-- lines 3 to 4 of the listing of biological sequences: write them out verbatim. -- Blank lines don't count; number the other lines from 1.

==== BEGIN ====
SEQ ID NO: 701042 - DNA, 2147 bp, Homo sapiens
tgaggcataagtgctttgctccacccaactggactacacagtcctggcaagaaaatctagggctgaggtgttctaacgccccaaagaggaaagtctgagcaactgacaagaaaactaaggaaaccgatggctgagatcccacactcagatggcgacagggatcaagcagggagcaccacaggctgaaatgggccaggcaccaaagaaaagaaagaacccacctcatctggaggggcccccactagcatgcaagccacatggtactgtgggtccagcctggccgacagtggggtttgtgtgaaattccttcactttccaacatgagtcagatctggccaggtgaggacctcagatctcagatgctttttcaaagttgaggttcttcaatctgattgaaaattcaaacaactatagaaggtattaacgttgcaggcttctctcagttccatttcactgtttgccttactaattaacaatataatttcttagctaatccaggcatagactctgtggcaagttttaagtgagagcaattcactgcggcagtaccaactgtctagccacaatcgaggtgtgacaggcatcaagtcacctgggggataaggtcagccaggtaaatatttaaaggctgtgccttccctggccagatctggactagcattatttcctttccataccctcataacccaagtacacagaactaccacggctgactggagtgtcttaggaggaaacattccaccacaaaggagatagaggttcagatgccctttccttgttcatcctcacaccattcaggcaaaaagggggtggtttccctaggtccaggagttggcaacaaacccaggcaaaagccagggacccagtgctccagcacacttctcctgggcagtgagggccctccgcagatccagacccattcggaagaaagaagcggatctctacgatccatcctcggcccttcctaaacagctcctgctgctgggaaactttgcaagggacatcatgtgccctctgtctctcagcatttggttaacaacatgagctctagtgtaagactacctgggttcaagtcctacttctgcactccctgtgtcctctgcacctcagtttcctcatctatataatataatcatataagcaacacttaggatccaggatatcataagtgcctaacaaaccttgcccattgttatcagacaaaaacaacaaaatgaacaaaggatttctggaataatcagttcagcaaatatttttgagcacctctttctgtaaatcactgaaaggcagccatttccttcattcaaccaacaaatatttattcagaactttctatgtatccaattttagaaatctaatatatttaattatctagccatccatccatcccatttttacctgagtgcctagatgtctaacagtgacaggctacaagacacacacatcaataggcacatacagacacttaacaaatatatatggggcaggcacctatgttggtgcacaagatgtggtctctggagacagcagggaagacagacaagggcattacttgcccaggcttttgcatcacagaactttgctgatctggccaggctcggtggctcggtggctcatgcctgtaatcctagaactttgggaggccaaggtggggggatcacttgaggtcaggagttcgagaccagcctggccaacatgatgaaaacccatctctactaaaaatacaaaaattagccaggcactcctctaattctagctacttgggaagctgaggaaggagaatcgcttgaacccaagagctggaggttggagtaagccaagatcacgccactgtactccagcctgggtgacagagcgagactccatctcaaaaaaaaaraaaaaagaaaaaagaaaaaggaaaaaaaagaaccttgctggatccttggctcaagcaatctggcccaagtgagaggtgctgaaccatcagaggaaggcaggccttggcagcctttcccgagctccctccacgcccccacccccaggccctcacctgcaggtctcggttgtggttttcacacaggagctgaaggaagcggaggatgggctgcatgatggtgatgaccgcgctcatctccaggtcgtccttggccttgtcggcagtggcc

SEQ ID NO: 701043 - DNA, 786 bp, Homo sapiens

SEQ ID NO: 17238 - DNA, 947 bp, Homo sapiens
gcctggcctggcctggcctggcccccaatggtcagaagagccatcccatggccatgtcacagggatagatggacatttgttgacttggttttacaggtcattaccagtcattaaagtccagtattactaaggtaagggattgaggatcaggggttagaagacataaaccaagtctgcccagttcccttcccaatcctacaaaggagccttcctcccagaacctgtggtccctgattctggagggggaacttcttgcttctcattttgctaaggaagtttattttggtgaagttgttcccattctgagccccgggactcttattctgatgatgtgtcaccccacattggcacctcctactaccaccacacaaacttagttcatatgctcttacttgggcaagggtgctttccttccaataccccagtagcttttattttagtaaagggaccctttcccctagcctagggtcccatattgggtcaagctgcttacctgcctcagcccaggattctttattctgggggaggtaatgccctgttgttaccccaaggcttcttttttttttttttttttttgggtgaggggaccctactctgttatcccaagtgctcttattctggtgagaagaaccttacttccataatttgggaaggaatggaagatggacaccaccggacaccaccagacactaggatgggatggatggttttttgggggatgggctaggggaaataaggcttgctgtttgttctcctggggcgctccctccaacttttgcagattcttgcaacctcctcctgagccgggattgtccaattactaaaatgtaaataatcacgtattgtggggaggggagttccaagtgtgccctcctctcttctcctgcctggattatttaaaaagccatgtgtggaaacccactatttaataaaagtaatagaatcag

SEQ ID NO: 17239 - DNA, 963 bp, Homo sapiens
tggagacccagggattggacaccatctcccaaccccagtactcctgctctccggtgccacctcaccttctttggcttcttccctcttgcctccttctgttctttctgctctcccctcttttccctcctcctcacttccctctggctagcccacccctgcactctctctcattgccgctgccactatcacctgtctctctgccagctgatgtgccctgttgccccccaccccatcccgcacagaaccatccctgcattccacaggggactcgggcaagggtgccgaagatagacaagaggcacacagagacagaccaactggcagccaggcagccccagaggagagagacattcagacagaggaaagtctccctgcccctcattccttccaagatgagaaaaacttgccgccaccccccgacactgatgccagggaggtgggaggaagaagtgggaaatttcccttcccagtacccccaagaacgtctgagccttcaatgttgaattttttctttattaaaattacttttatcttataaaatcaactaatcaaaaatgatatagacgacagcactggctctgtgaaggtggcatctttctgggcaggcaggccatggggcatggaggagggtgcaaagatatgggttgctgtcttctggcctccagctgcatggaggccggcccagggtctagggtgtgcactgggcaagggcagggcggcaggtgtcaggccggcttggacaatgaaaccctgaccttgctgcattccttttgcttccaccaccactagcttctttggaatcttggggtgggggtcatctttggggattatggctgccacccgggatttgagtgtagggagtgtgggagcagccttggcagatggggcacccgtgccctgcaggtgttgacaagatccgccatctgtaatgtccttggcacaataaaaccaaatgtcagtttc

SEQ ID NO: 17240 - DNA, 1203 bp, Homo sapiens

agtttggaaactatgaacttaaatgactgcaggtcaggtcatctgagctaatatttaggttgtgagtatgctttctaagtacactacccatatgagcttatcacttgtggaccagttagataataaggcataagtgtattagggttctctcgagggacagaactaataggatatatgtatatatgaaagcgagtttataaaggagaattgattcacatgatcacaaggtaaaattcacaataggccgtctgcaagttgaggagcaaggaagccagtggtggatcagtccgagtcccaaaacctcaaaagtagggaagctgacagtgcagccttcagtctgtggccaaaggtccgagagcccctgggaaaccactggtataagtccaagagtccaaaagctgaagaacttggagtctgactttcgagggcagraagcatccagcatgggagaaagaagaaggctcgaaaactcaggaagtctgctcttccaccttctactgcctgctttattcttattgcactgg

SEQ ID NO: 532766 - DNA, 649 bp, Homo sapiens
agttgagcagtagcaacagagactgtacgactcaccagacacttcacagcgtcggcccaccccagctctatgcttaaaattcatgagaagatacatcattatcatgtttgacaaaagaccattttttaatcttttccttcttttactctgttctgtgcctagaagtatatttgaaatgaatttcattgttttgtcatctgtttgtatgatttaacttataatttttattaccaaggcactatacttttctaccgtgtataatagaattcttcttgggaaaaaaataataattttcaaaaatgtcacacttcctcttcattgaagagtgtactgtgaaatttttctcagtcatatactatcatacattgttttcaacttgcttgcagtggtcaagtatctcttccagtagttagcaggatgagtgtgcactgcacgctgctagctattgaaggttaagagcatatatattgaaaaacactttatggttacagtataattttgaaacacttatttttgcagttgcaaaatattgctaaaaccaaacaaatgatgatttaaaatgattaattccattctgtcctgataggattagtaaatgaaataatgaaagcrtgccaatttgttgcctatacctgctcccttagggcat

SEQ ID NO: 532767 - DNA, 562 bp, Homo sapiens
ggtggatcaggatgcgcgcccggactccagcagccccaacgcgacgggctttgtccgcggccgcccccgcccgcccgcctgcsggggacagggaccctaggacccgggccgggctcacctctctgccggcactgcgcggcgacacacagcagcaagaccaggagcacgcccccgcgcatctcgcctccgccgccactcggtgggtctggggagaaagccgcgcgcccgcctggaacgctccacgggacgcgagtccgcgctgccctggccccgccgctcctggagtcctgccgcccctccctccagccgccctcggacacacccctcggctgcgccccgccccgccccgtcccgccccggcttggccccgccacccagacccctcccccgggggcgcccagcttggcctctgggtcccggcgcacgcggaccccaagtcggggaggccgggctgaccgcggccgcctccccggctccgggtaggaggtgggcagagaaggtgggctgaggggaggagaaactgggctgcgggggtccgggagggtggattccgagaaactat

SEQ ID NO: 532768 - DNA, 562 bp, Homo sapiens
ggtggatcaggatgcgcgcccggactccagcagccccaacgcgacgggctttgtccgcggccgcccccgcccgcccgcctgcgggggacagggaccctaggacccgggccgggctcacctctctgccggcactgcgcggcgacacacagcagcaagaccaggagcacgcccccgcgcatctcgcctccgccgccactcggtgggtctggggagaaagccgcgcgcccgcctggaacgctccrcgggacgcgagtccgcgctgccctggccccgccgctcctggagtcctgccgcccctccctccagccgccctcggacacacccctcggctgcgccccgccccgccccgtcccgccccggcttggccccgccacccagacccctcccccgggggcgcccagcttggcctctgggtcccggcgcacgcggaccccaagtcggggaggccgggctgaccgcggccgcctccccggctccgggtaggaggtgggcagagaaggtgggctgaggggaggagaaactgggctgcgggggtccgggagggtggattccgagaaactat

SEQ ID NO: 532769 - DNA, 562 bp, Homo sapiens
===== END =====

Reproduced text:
SEQ ID NO: 701043 - DNA, 786 bp, Homo sapiens

SEQ ID NO: 17238 - DNA, 947 bp, Homo sapiens